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Loki being involved in this shindig with the Grandmaster, UltraForce, and the Avengers just further cements my belief that this Topaz is indeed the Topaz in Thor:  Ragnarok.   Also, these covers are awesome, but confusing.  They’re nowhere near as confusing as the actual story though, which is fucking saying something, amirite?

Topaz is one of the central characters in the UltraForce/Avengers crossover, which has a lot of dealings with The Grandmaster.  Sound familiar?  In the movie, she’s the right-hand woman of the Grandmaster, and she fights Thor.  In the UltraForce/Avengers crossover, she teams with Siren to take on Crystal and Black Widow as part of the game between Grandmaster and Loki.  There’s never a huge Avengers vs. UltraForce showdown, as the crossover mostly follows the “heroes meet, fight, realize they are on the same side/being manipulated, team up against the threat, and then look really cool doing it” template.

 

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George Perez is the fucking man.

But the really important thing about Topaz right now isn’t her history, although as I said, she’s fun in UltraForce, and her debut in Giant-Size Mantra #1 is pretty awesome too.  It’s the fact that Ultraverse fans like myself have been waiting for Marvel and Disney to do something with this dormant universe for way too long.  The Ultraverse was full of fantastic ideas and amazing characters, and it was created by a group of some of the best writers in comic books.  The universe was shepherded well by Chris Ulm, Tom Mason, Dave Olbrich, and Scott Mitchell Rosenberg so that everything felt important and needed.  You never knew when something small would happen and it would balloon into something huge.  Until the Valiant relaunch, it was easily the best universe created since the Marvel Universe.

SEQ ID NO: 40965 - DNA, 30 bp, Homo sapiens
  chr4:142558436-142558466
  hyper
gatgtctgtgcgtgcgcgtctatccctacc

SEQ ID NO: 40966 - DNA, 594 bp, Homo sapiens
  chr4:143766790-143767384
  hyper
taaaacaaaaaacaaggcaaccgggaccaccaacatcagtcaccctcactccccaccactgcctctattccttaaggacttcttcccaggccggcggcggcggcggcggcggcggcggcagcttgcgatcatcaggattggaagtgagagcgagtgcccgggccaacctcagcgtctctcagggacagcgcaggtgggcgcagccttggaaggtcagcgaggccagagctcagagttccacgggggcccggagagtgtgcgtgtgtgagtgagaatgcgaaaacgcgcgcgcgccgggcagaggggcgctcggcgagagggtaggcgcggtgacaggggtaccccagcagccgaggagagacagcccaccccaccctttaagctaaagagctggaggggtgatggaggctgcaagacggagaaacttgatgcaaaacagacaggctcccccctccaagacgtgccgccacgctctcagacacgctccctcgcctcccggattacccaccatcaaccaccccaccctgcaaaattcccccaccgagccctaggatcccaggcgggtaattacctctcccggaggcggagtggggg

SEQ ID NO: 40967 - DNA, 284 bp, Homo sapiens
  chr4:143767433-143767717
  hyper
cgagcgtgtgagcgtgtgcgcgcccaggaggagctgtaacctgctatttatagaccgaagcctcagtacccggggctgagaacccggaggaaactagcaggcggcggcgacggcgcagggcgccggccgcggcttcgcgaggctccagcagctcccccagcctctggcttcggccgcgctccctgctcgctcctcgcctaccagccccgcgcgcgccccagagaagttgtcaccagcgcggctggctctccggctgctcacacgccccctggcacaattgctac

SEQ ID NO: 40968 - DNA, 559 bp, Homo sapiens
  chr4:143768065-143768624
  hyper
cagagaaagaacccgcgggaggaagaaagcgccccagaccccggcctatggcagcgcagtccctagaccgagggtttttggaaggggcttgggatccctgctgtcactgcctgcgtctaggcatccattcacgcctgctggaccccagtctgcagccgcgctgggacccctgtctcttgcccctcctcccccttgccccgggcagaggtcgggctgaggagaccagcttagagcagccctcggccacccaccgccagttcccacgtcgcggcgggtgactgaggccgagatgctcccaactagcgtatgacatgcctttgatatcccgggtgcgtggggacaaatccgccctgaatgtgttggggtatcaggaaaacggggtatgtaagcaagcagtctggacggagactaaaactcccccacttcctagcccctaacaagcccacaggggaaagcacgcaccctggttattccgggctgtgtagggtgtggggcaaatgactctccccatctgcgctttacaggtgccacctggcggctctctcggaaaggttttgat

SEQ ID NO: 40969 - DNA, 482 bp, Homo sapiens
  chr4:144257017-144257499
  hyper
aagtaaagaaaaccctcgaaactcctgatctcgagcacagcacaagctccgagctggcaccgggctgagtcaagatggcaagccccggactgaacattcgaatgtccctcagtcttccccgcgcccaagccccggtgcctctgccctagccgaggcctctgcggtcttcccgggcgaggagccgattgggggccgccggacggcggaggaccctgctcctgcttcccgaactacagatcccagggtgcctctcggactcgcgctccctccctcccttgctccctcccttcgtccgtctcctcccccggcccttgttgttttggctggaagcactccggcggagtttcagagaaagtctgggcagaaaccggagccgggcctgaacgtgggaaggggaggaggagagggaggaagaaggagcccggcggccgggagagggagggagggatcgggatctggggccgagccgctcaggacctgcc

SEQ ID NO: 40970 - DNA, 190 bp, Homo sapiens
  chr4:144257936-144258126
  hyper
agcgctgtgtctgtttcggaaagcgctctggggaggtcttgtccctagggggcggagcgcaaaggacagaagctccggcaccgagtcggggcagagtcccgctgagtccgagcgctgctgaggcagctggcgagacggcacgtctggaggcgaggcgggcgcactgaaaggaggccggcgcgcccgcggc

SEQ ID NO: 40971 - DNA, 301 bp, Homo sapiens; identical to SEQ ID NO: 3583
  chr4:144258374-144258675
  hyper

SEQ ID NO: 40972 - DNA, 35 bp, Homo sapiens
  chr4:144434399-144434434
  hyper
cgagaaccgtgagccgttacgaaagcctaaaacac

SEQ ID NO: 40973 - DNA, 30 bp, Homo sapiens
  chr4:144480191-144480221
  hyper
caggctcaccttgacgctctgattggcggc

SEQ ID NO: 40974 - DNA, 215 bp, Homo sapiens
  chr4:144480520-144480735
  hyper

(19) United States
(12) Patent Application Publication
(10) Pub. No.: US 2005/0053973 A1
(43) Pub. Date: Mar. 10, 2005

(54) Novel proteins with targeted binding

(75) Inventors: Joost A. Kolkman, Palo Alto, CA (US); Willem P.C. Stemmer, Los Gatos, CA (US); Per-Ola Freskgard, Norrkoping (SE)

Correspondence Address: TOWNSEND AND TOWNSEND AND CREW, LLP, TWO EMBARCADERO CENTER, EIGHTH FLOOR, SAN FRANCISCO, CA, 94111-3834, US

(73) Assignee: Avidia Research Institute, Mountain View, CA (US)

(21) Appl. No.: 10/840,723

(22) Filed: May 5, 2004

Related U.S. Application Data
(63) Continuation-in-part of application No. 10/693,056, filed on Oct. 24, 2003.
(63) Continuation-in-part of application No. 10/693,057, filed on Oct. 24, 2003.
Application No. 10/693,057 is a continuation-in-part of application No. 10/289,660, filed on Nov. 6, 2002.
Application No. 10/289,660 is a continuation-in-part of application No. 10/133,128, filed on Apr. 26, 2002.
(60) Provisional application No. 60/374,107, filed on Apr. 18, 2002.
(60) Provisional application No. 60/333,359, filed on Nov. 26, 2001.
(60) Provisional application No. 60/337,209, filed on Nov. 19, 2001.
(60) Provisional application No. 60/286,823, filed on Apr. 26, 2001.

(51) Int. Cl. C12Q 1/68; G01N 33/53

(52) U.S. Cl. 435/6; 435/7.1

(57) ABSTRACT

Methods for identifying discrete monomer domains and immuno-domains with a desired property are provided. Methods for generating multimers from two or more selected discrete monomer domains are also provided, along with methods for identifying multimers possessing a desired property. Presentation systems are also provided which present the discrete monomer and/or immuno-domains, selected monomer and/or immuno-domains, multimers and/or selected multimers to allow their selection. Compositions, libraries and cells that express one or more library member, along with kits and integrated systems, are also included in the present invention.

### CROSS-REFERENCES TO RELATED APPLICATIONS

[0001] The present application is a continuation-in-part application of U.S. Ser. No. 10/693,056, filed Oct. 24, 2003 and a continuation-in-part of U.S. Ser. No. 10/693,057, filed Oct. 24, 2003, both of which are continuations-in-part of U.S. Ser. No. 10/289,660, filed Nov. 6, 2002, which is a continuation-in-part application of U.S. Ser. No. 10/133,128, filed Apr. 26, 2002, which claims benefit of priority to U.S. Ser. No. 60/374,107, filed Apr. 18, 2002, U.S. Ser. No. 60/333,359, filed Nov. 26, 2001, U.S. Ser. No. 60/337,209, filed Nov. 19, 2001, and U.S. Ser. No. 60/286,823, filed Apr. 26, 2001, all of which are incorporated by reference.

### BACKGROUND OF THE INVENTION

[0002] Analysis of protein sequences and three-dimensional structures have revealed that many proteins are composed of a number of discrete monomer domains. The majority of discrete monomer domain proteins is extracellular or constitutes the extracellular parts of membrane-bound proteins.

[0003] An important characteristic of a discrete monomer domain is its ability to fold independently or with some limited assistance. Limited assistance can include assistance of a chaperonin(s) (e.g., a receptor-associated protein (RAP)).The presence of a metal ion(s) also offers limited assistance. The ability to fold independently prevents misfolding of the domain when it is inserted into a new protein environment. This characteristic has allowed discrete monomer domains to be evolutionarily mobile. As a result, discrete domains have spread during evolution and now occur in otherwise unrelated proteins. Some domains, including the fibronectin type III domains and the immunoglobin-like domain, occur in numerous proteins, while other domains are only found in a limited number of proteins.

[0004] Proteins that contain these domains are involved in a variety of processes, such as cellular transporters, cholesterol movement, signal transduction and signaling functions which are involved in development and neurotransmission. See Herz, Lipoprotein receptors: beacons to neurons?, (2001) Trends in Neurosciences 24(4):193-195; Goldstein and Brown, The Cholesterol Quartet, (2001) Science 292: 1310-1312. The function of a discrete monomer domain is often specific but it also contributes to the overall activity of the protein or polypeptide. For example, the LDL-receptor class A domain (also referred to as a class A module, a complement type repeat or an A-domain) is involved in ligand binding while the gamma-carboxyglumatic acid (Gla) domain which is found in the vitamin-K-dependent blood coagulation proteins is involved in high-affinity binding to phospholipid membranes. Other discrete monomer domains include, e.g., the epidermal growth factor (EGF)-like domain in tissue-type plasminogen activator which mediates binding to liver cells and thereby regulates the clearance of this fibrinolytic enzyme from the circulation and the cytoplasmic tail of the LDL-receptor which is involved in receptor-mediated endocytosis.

For about 20 years, Ultraverse fans waited and waited for any sign of life from the Ultraverse.  There would be rumors, rumors of rumors, and Joe Quesada flat out saying that these characters would never see the light of day again.  Ultraverse fans like myself finally have a ray of hope with Topaz showing up in this movie.  Will Prime return?  Hardcase?  Firearm?  The Solution?  Will they get their own comics back?  Maybe a Netflix show?  I know the 90’s kids who loved The Strangers and Sludge sure hope so!  Here’s to seeing a lot more Ultraverse characters in the comics, on TV, and in the Marvel Cinematic Universe very, very soon!